pyqz is available on pypi, which makes its installation easier than ever. In a terminal, type:
pip install pyqz
And that should take care of things.
The most recent release of pyqz is also available for download from its Github repository. Interested users can fork the pyqz repository if they want to get access to the latest updates not yet released. Push requests for bug fixes and new features are welcome and will be examined in detail.
The following packages are required for pyqz to work properly:
- numpy (1.12.1 or or above)
- scipy (0.19.0 or above)
- matplotlib (2.0.1 or above)
Optional (but strongly recommended):
- statsmodels (0.6.1 or above)
The statsmodel package is required to perform the Kernel Density Estimations using
statsmodel.nonparametric.KDEMultivariate(), which is often more suitable than the
Testing the installation¶
First, launch a Python shell and check that you can import pyqz, and that it is the intended version:
>>> import pyqz >>> print pyqz.__version__
Next, as a quick test, try to fetch one of the diagnostic grid:
>>> a_grid = pyqz.get_grid('[NII]/[SII]+;[OIII]/[SII]+', sampling=1) >>> print a_grid
More tests with unittest¶
A more complete set of tests, relying on the Python unittest module, are also available. The user willing to run them can do so as follows:
>>> import pyqz.tests >>> pyqz.tests.run_all_tests(cleanup=True)
Note that the last test takes several seconds (~130s or so) to complete. It is
designed to test the functions of pyqz_plots. If it succeeds, the demonstration plots will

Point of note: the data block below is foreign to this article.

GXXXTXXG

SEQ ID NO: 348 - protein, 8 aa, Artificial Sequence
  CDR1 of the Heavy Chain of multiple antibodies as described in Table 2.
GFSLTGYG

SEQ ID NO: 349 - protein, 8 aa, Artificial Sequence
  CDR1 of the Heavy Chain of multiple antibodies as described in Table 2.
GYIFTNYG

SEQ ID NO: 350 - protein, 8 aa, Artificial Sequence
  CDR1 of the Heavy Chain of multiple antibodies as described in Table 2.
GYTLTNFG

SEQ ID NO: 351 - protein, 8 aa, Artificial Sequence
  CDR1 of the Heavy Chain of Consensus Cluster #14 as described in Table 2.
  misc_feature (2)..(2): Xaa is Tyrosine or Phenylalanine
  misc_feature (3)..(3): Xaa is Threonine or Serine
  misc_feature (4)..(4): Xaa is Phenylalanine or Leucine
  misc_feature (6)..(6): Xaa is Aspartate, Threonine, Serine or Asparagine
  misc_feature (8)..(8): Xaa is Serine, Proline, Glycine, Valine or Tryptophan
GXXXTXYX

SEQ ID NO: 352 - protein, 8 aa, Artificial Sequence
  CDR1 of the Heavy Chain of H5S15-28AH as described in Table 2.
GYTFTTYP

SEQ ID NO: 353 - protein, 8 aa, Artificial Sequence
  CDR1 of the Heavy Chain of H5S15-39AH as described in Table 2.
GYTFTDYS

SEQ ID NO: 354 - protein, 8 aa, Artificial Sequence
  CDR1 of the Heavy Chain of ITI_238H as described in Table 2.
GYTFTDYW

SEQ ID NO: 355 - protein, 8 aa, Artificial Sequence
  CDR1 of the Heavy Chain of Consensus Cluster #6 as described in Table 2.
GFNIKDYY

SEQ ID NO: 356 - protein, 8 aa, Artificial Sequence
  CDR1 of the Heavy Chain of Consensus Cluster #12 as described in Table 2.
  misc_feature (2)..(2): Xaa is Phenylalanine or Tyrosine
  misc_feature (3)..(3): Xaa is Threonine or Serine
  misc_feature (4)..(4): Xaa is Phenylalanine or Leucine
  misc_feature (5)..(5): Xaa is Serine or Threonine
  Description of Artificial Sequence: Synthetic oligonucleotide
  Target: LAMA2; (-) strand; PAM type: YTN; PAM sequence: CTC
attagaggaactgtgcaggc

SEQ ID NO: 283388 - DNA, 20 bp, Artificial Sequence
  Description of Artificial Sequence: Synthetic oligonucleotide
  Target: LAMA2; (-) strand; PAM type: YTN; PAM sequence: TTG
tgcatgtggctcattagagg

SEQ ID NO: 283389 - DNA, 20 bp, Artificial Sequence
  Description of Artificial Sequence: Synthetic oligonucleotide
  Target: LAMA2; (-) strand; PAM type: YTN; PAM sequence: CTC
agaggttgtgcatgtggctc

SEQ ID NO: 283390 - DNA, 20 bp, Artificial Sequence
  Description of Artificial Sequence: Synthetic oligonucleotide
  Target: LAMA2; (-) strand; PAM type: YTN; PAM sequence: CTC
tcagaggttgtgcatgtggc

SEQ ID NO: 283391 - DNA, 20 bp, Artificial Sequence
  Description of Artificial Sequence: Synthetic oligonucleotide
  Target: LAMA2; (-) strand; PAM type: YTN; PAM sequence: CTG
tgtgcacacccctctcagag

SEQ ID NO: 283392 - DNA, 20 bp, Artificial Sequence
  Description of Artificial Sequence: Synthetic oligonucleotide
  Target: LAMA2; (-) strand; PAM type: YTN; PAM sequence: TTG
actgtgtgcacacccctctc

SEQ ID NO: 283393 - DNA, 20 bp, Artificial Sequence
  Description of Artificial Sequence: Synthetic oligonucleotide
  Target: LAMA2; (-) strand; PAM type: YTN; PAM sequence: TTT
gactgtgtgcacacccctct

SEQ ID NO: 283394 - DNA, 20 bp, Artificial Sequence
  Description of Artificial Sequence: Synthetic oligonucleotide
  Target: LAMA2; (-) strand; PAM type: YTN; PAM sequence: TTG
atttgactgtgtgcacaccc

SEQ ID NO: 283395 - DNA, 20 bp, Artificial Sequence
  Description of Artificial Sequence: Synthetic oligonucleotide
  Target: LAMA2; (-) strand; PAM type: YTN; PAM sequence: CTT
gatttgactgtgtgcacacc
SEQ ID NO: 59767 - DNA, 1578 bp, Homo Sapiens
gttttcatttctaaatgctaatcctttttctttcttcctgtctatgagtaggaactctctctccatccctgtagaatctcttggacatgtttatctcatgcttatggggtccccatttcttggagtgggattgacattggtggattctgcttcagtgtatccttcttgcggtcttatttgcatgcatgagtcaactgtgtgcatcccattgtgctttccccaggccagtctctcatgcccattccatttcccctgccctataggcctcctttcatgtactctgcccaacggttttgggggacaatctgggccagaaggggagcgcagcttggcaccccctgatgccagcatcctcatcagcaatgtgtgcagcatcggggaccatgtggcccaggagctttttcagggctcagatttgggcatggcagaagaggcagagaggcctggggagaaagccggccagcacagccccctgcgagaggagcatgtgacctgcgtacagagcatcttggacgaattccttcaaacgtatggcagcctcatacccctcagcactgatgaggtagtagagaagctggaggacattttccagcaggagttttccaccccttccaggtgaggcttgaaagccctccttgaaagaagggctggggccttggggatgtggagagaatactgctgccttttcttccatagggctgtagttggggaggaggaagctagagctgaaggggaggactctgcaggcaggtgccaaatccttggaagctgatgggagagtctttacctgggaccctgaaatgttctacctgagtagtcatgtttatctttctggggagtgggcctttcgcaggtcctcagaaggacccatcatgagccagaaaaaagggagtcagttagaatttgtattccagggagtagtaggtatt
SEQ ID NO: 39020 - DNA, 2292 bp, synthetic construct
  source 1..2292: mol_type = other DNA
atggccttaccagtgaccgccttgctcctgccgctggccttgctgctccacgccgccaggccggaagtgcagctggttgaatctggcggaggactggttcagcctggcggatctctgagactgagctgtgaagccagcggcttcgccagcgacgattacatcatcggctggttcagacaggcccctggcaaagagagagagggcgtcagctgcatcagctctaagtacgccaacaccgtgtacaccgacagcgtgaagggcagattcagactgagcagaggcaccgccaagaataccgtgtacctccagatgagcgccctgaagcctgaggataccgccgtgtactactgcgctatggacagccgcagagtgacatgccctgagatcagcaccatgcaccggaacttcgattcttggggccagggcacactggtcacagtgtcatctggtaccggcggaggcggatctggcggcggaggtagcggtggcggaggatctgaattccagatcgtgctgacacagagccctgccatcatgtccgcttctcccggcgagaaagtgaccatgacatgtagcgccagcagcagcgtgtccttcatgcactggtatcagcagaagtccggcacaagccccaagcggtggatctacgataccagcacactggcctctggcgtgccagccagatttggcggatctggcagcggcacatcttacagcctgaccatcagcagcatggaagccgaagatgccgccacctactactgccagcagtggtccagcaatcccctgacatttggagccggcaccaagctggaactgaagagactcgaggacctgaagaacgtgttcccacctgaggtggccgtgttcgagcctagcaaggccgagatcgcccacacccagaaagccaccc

be deleted, unless the tests are run with
cleanup=False. In that case, the plots will
be stored in:
>>> print pyqz.tests.arena
1. If you get the following message when importing pyqz:
WARNING: Statsmodels module not found. KDE_method must be set to 'gauss' or else I will crash.
then pyqz could not import the statsmodels module. This module is required only if
you want to use the
KDEMultivariate function to construct the joint probability
density function (which we suggest you do). To remove the warning, install statsmodels
and try reloading pyqz.
2. If you encounter other errors when importing the module or running the example above, ensure that your numpy, scipy and matplotlib packages are up-to-date and try again.
3. If you still encounter errors after doing all that, check the FAQ.
5. Check if this is a known issue: https://github.com/fpavogt/pyqz/issues
6. If you still can’t figure out what’s wrong, please submit a new issue on the Github repository of the project. Provide as much detail as possible (error message, minimal example able to reproduce the error, operating system, Python version, etc …).
Submitting a Github issue is the best way for you to get help rapidly, for us to keep track of the problems that need solving, and for future users to see what changes have been made over time (and look for existing solutions to their problem which may be the same as yours). Submitting a new issue on Github is rapid and easy, but if you are really against doing it (why would you ?), you can always email email@example.com for help.